“India is one of the most ancient cultures in the world and it’s only in recent times that the world has taken notice of what India has to offer,” Hussain says. “It is important that people don’t just get a view of whatever is the marquee element of Indian culture. Bollywood they will see, but then it will stop at that if we don’t take the initiative to educate the rest of the world.”
It may be a cliché to say that Hussain needs no introduction, but the man with the unruly mop of hair and infectious smile has been been wowing audiences and critics alike since he burst upon the music scene at the impossibly young age of 12.
The eldest son of renowned musician Ustad Alla Rakha, Hussain created his own identity as a master percussionist with his innovative compositions and international collaborations. He is the youngest percussionist to be awarded the Padma Shri and the Padma Bhushan by the Indian goverment, in recognition of his talent and his remarkable achievemnts in bringing Indian classical music to the world. His success in popularizing an ancient Indian instrument and his rock star appeal is evident in the Grammy he won in 2009 for the album Global Drum Project, a collaboration with international artists Mickey Hart, Sikiru Adepoju, and Giovanni Hidalgo. Hussain’s oeuvre includes recordings with George Harrison, Yo Yo Ma, Billy Cobham, and many other artists as well as founding Moment! Records, which features collaborations in world music and live performances of Indian music.
In order to keep his connections to his roots in India, the international star spends a few months in India every year, touring extensively and identifying talent from the remote corners of the country.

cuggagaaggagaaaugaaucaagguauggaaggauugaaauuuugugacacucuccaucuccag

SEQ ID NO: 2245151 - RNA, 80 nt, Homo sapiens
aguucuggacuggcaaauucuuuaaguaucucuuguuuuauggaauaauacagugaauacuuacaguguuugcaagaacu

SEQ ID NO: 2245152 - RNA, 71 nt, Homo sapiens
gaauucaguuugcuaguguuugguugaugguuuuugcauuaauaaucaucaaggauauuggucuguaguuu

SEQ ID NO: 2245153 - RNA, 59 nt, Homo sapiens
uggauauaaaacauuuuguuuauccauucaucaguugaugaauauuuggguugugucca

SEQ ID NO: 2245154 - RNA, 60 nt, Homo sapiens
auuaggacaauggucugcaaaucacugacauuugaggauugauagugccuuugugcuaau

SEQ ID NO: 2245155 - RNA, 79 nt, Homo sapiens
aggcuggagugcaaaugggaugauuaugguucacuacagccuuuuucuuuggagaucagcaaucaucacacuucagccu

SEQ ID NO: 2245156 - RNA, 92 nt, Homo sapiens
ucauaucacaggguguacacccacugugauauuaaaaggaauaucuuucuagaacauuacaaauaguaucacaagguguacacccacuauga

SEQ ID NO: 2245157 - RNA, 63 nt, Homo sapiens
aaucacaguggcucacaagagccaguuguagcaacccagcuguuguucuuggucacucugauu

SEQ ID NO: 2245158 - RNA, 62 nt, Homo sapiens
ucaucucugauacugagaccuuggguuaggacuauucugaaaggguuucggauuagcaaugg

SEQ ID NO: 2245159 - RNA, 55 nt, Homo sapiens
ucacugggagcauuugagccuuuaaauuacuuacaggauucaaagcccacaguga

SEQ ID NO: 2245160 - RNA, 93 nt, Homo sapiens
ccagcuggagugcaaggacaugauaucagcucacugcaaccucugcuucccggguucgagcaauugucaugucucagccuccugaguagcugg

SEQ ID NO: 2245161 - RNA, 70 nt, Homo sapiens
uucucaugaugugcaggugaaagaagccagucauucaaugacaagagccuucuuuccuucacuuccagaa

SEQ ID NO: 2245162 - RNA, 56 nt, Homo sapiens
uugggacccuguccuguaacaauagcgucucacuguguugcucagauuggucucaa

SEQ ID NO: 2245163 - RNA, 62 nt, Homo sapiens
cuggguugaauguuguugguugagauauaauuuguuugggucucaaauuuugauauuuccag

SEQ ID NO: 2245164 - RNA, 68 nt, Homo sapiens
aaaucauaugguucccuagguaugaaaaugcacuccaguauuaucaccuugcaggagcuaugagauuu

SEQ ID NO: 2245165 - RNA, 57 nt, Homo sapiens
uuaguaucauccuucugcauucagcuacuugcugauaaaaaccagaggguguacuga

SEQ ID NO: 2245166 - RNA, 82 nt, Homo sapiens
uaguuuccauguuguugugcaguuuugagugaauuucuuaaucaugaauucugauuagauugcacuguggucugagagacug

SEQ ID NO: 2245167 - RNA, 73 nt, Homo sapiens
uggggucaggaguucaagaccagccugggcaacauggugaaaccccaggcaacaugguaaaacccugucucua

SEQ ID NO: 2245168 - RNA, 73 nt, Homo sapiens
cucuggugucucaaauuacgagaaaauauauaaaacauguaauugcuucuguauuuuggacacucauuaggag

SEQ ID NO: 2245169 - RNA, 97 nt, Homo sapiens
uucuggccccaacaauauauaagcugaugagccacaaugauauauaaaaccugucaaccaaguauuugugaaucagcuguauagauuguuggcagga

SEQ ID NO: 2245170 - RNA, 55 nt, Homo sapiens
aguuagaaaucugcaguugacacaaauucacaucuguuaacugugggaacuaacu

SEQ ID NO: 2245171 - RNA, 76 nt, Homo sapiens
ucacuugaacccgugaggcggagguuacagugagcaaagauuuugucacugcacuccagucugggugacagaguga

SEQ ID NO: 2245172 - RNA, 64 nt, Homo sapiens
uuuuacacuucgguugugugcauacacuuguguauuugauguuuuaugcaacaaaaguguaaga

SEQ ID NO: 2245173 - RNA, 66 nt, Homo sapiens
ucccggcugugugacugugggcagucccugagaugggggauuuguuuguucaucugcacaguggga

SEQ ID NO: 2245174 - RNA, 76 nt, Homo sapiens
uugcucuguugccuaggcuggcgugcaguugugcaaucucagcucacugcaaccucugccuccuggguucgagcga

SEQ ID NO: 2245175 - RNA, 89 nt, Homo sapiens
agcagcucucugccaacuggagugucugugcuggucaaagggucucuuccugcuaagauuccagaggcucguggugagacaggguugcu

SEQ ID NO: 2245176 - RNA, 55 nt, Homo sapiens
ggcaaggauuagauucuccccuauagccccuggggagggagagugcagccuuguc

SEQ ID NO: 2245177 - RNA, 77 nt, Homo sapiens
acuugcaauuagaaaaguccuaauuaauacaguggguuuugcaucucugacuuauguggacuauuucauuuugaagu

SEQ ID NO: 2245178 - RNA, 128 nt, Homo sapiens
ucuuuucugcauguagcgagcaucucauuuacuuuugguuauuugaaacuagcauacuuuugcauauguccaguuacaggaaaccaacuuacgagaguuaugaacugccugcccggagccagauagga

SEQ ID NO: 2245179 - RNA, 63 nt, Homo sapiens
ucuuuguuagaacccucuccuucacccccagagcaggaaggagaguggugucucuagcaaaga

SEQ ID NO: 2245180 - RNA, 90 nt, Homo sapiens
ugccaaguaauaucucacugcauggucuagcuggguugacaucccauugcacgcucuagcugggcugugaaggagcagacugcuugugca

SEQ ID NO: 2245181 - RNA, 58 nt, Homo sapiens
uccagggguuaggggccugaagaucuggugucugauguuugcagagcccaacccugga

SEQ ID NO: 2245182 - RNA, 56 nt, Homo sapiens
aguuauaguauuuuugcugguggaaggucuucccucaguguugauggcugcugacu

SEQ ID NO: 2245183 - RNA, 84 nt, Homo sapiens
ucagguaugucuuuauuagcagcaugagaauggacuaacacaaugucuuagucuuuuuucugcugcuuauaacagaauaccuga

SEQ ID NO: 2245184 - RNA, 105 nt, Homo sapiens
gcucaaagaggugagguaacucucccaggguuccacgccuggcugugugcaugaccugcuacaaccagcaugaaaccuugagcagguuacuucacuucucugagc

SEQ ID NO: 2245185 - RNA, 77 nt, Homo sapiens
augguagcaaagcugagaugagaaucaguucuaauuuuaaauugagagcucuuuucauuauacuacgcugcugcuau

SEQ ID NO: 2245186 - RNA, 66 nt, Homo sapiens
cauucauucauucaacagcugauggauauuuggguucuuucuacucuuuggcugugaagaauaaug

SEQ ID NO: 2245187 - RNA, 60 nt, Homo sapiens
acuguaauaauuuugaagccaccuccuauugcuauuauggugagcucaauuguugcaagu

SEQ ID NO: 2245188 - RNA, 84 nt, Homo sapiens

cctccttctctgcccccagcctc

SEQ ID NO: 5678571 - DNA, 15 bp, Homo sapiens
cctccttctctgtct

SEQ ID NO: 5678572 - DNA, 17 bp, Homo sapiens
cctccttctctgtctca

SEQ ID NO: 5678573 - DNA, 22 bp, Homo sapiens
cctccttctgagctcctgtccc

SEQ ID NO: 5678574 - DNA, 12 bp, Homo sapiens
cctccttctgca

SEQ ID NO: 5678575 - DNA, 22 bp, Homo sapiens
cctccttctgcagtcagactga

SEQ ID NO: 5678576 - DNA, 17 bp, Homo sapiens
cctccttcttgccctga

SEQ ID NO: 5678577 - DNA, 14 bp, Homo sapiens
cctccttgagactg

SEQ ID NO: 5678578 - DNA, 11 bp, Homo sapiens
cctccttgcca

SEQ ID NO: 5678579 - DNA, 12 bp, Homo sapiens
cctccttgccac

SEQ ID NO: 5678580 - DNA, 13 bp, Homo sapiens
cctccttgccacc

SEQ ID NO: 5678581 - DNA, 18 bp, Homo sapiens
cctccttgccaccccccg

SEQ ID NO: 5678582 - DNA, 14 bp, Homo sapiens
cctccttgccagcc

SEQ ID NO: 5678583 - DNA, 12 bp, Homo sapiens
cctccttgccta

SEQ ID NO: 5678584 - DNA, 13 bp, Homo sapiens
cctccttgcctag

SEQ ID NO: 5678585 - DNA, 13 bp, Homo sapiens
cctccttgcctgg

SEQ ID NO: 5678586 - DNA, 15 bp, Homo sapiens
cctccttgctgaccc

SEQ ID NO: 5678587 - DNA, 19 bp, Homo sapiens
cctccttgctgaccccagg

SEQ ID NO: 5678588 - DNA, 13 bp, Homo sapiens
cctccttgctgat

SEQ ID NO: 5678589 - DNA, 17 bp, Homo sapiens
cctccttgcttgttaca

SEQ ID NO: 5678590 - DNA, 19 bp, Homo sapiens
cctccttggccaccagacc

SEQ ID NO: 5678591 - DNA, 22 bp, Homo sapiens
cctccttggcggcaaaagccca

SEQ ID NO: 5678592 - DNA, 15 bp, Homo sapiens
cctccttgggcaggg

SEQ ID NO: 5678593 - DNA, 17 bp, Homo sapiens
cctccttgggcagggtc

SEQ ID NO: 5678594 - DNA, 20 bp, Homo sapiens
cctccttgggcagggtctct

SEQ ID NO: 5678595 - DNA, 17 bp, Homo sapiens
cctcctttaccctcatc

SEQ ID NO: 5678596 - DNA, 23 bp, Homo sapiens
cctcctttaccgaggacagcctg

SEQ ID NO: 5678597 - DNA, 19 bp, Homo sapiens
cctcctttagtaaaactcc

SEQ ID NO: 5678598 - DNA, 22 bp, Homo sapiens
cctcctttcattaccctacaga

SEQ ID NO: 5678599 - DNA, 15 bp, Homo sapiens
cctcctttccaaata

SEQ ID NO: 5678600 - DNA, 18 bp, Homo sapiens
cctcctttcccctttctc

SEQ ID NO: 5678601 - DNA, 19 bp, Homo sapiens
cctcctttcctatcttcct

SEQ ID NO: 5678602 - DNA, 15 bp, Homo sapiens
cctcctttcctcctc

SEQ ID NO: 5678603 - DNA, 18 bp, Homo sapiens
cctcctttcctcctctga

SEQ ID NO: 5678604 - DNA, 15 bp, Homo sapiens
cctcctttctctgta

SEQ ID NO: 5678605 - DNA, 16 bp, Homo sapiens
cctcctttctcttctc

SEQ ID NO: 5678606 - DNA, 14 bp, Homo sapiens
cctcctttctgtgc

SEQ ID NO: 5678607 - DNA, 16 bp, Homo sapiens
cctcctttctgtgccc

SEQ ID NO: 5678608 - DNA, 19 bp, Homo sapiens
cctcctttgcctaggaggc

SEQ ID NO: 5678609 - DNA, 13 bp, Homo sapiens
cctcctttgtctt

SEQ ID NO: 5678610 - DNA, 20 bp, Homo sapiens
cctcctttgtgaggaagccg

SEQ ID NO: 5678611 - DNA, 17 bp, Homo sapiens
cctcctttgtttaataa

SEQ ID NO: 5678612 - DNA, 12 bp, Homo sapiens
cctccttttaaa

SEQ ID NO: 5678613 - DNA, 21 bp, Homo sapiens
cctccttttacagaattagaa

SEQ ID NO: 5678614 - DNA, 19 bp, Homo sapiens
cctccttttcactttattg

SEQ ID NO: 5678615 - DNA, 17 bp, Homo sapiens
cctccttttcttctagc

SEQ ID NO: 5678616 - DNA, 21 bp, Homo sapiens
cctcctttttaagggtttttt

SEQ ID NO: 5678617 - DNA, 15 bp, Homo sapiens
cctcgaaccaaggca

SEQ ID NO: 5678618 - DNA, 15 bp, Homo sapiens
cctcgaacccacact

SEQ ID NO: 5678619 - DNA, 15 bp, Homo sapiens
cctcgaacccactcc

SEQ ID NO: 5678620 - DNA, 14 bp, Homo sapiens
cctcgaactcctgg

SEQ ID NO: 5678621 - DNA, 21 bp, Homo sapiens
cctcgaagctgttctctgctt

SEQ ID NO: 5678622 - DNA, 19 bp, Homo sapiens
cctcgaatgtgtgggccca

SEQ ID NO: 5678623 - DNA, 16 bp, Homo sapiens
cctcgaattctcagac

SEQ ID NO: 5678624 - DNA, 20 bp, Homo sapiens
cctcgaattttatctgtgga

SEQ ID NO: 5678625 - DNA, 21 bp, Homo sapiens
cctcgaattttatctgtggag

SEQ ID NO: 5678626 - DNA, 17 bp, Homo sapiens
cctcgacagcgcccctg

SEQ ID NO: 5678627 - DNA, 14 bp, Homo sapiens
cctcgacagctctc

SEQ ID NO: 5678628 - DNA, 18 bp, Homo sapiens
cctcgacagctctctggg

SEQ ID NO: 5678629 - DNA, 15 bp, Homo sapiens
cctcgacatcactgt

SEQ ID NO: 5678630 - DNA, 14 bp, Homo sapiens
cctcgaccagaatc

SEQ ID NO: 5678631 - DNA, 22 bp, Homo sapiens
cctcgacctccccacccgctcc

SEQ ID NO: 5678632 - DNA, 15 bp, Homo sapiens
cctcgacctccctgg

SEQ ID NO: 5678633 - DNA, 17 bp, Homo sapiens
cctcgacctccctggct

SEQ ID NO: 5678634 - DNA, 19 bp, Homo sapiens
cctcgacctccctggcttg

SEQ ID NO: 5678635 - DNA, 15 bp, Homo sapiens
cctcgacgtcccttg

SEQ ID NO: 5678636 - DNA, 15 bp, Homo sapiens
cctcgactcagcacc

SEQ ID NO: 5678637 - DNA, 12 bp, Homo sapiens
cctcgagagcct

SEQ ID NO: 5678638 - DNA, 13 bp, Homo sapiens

These talented unknowns form a constantly evolving Masters of Percussion ensemble, which tours internationally, bringing fresh sounds and amazing creativity to multicultural audiences.
The first tour was in 1996, and it has been so successful that it has become a biennial event. “We have more than 200 traditions in India and most of that is not heard outside of India,” says Hussain. “I decided to put together a tour that would showcase these rarely heard drum masters from remote parts of India.
“I travel the length and breadth of India looking for rarely heard drumming traditions,” he adds. “When I find them I go to their villages and try to make contact and see if they’ll come to the city of Mumbai where I can work with them for a few months.”
This year the tour will stop at the San Francisco Jazz Festival and will feature Sabir Khan, from north India, Sridhar Parthasarathy, a south Indian drummer, Navin Sharma, from central India, and the Motilal Dhakis from the extreme eastern part of Bengal. The tour will also feature the superb violin duo of Ganesh and Kumaresh.
“These drummers are maintaining a tradition that as been there for hundreds of years,” says Hussain. “Drumming for festivals, drumming for weddings. They have a special repertoire that is passed on from generation to generation.”
Finding the musicians is not enough to warrant a tour, though. The sound of the music must come together too.
“I had a chance to go to Bengal about eight months ago. I ran across these amazing drummers and invited them to Mumbai. It turned out that they were just the kind of musicians that we were looking for. These guys seemed to fit into the ensemble the best,” he says.
Social interaction among the musicians helps create a healthy work environment and a great combination of sounds.
“If you don’t get along with each other then you’re not gonna make good music together,” says Hussain. “It’s important that there’s a connection on a heart-to-heart level.”
The chemistry between these skilled musicians creates an unforgettable tour reverberating with South Asian sounds. “It’s sort of a bird’s eye view journey through India by the drumming traditions that represent various regions of this country.”
Concert-goers might point to Hussain as the star of the tour, but he insists he’s only part of the picture.“Everybody knows me, but I think that people should understand that I’m just one little part of this group,” he says. “Every musician that’s coming on this tour and on any other tour that I’ve done is a master in his own right and is capable of holding a full concert on his own, but they’ve been kind enough to share the stage with other drummers and help me to bring this show to America.”